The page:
Today is my last day of the second trimester. I can’t really believe that is the case, but it seems to be true. I couldn’t wait for the second trimester, the golden trimester, where everyone promised I would be so comfortable and etc. And you know, it’s kind of true. Once I got over the fact that I am actually pregnant, and started behaving as such, it was comfortable. Also, you’re really, actually pregnant. The people around you know this, your belly sticks out it a cute and not too big manner, and your baby periodically kicks and nudges you from the inside as a reminder. In case you forgot, for even one minute, yes, you are pregnant.

I love being pregnant. I love having the baby with me everywhere I go. I love having an excuse to put my feet up on the coffee table and ask for a back rub and have an extra oatmeal cookie. I love the way my body looks, for the first time ever in my life. I love the kicks and nudges and knowing that for now, I am taking care of baby just right. He or she is getting just the right amount of food and just the right amount of sleep. He or she is safe in there, and warm.

This is why the last day of my second trimester caused a little panic, a little tightness in my chest. It’s almost over, I thought today. Yes, I am almost into the home stretch, the most uncomfortable period of my otherwise easy pregnancy. I am only 3 months away from meeting our little baby. The shower is a month away — so as not to conflict with any winter holiday celebrations — and we are already a tad late on the invitations. I am almost done, and then I won’t be pregnant anymore.

Instead, I will have to learn to love my squishy, imperfect, postpartum body. I will confront the postpartum depression that I am afraid of. I will have my little one, yes, but with it the knowledge that I will never be pregnant again. This is it. After this, I won’t be pregnant any more, ever again.

Once, when I was in college, on a hot July day, I was walking home from the pool. The grass had just been cut, and the air was hot and heavy and sweet. My hair was dripping down my back and my feet were bare. The sun was beating down so hard it was almost unbearable, probably would have been if I hadn’t just gotten out of the pool. But the light was a little golden, not quite white, the way it is at the end of the day at the end of July. And all I could think was, “I can’t believe summer is already almost over.”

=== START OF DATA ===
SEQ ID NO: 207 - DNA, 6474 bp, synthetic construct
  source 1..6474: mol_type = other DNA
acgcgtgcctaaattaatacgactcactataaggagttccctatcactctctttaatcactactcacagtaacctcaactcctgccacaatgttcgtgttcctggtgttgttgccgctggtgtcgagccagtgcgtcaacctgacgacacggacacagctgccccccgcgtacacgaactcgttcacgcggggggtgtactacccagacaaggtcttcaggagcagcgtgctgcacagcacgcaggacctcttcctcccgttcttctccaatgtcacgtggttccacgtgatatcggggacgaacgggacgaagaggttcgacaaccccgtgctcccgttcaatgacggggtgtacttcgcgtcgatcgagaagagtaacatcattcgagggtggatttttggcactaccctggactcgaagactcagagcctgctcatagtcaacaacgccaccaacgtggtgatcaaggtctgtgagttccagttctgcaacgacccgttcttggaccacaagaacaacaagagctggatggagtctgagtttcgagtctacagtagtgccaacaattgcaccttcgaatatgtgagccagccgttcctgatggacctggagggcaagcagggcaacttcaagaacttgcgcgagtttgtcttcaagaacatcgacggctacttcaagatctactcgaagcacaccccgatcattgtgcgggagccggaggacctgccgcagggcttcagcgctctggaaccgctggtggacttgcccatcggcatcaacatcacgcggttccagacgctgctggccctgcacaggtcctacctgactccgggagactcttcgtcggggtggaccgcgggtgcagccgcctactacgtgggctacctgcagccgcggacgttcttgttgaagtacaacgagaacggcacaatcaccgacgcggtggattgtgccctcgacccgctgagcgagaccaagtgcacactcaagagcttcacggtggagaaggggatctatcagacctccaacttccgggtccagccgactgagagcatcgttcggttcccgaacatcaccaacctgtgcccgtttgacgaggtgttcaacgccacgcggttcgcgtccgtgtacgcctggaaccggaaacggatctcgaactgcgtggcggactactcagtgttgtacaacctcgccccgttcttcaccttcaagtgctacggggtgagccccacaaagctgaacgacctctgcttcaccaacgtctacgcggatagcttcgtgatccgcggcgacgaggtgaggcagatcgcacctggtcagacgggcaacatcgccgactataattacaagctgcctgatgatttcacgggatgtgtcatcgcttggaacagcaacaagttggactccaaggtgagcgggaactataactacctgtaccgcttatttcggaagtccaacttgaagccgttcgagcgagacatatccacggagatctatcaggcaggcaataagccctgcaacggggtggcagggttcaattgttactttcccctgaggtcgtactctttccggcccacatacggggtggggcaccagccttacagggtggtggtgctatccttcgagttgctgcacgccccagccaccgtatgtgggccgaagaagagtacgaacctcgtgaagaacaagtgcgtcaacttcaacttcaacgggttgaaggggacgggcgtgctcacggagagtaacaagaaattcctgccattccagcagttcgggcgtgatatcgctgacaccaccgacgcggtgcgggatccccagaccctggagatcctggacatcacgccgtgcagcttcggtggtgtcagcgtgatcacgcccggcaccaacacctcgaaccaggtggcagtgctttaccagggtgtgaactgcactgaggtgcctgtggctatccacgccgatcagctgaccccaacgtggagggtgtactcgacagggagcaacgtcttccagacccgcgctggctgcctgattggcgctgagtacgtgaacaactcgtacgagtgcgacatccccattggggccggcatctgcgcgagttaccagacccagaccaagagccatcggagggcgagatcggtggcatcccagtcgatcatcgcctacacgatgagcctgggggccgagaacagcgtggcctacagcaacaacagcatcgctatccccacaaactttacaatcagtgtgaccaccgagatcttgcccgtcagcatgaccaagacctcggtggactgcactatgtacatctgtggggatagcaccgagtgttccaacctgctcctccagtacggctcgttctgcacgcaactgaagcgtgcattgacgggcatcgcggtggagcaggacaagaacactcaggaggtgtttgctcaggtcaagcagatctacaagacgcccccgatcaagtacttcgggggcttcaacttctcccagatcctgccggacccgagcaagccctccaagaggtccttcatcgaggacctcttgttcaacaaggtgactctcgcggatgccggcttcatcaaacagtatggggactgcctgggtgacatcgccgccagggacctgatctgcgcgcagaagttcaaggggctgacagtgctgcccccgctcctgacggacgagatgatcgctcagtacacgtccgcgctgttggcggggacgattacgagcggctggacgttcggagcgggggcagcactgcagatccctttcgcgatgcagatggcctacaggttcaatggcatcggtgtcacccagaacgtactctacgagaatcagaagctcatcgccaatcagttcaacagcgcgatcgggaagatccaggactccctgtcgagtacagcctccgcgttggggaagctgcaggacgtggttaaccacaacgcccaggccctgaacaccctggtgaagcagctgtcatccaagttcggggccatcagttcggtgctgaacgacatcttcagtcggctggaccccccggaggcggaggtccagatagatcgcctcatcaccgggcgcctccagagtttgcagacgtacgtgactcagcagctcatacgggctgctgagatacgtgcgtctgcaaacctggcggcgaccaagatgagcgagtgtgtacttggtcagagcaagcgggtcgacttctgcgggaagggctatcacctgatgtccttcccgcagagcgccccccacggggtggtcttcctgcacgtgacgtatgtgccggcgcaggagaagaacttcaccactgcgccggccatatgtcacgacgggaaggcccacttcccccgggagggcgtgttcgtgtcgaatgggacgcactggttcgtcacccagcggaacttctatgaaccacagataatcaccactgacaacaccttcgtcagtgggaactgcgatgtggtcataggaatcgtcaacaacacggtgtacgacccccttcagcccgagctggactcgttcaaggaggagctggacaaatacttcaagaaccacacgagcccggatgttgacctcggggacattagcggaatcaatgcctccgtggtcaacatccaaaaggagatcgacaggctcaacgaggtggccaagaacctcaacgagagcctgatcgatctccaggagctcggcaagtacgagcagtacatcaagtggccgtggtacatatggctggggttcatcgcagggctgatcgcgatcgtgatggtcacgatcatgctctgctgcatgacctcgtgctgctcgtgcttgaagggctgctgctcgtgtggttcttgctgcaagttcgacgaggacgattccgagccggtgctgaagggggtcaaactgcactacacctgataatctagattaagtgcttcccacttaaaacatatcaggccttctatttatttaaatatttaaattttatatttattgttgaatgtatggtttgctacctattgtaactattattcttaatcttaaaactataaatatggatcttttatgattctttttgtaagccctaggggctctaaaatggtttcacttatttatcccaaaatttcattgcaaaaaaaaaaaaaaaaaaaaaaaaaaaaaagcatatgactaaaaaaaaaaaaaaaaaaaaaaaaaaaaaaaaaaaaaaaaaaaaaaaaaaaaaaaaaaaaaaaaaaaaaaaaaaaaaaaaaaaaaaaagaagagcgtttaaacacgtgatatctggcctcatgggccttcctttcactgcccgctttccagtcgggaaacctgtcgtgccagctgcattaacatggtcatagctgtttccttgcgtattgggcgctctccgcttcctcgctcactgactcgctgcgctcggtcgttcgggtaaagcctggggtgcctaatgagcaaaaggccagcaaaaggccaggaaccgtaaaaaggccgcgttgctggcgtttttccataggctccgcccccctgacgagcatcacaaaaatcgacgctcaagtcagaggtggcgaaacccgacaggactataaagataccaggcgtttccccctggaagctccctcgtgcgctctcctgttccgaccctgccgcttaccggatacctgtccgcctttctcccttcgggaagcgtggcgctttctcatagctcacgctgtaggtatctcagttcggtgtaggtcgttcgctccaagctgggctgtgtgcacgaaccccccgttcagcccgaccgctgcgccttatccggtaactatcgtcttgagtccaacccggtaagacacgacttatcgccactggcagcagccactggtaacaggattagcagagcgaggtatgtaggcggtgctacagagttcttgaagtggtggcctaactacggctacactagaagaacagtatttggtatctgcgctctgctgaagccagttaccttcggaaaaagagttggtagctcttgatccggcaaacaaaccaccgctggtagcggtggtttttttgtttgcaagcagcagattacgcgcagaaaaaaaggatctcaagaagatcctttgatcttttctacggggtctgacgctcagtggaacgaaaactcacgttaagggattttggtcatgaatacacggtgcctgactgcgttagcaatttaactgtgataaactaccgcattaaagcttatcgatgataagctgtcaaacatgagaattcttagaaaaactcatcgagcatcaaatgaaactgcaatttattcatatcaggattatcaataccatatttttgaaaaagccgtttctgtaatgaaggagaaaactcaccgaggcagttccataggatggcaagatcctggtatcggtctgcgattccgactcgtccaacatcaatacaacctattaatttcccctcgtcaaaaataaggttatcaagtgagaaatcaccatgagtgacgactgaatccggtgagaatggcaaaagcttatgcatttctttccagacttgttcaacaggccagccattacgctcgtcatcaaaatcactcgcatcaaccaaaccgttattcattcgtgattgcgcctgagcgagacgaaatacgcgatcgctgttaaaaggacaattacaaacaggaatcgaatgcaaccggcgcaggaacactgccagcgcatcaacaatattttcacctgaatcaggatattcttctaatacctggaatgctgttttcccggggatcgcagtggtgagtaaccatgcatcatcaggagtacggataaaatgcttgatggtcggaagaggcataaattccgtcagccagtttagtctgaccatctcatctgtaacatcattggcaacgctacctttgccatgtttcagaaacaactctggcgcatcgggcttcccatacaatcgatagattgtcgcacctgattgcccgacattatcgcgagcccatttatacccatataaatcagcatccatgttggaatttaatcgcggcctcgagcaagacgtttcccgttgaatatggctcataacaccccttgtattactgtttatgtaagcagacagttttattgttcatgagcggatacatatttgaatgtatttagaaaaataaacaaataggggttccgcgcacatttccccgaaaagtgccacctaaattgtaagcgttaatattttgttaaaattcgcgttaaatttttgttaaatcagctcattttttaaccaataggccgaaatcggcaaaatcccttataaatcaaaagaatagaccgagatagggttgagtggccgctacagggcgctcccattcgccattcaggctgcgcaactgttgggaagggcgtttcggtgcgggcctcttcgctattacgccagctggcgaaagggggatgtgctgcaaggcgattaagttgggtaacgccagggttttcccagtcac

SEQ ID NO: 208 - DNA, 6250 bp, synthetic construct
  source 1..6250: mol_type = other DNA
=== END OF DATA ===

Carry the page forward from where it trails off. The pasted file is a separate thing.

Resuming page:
I wish I didn’t do this, live so much in the future that I can’t enjoy the present. It’s hard for me, to live a happiness I know will end. Even if what waits on the other side is another happiness.


2 thoughts on “July

  1. I could have written large sections of this, your words are so familiar. I think for those of us who know during our pregnancies that it is the only pregnancy we will every experience, each kick and roll and hiccup can be slightly bittersweet. The first couple of weeks after my daughter was born, I would break down in tears when listening to songs with her that she would kick to in my third trimester. As I’ve started to know her on the outside, and my hormones have stabilized a bit, it has gotten slightly easier. One thing I cherish is the video I have of her kicking in my belly. Anyway, thanks for reminding me that I’m now alone in those thoughts!

    • Thanks for reminding me of the same. I don’t think this will stop once baby is born either, that simultaneous feeling of excitement every time they do something new, paired with the sadness of knowing the previous phase is over.

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